The oil companies do not get huge tax breaks on oil production in California; they do pay taxes at rates comparable to other states, just in different forms. They pay higher property, corporate income, and other taxes than in other states that impose oil severance taxes (or “drilling taxes”). A Spring 2006 study by LECG found that the aggregate amount of taxes currently paid on California crude oil production is comparable to that paid in other oil-producing states. Califonia ranks right about in the middle of the pack for taxes imposed in oil producing states.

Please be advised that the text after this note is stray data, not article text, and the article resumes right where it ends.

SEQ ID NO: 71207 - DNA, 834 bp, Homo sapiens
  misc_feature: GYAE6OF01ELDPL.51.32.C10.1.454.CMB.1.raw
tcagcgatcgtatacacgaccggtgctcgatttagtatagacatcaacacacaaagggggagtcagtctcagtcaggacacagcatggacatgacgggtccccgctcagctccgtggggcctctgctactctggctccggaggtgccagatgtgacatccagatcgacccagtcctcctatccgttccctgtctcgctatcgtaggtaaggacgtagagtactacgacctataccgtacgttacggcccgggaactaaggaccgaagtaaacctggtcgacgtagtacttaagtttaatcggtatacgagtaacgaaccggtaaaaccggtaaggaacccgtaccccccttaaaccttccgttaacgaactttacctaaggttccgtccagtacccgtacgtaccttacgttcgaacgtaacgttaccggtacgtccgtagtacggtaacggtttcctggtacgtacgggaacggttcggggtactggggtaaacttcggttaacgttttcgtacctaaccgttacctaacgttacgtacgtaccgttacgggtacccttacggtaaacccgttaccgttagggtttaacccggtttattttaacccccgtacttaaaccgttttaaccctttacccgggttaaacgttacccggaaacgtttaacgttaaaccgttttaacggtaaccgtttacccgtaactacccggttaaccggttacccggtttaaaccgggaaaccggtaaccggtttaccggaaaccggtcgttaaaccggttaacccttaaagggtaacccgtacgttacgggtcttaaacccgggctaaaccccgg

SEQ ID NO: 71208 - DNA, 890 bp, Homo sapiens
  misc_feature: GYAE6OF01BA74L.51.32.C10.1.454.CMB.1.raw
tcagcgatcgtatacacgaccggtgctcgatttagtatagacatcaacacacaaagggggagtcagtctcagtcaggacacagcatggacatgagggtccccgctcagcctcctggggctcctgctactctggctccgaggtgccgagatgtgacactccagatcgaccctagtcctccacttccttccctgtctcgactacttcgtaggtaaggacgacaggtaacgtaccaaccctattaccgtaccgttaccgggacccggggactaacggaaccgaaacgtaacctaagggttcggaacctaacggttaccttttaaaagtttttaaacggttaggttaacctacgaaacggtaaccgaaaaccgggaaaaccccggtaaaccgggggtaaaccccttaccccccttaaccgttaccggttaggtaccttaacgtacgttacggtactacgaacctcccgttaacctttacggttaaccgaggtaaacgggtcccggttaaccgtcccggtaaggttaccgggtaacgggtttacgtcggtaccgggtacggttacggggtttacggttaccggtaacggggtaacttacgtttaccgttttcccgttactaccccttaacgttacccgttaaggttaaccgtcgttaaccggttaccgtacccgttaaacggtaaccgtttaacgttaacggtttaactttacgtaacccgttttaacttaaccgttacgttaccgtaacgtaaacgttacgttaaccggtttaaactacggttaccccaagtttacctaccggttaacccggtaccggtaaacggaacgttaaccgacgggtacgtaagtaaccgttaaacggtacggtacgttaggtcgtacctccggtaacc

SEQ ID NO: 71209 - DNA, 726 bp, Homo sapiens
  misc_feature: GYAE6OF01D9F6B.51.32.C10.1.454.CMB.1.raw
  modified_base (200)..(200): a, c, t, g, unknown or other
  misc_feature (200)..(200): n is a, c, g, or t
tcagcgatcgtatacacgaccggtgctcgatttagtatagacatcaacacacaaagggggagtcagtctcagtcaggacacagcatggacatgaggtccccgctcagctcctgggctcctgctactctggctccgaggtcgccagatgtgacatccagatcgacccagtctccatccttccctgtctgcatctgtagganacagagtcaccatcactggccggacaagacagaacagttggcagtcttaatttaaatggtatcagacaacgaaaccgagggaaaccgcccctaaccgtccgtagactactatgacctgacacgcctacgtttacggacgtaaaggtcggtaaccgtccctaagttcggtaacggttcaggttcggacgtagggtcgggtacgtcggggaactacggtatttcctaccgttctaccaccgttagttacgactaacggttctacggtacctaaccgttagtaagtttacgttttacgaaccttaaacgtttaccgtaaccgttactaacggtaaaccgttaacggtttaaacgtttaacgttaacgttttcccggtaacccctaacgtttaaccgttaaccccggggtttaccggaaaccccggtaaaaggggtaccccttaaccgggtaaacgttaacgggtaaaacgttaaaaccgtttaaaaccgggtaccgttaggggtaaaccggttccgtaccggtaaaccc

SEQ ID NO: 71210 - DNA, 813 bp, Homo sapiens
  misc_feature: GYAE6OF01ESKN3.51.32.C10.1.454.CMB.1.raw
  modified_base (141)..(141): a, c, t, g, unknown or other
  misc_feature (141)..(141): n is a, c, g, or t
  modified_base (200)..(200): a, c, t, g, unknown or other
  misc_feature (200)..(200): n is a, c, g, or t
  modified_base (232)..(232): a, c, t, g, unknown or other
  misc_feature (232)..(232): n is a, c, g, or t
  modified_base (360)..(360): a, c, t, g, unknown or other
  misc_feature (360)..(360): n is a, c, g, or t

With the imposition of the new tax called for in Proposition 87, the tax would have been more than 30 percent higher in California. The specifics of the new proposal to impose a severance tax are awaiting disclosure, but will likely be somewhat similar to that posed in Proposition 87, at least in structure if not severity.
The analysis colleague Amy Kaleita and I provided back in 2006, is still pertinent: it is simply NOT true that California gives oil companies a “pass” as suggested in the editorial by Hiltzik.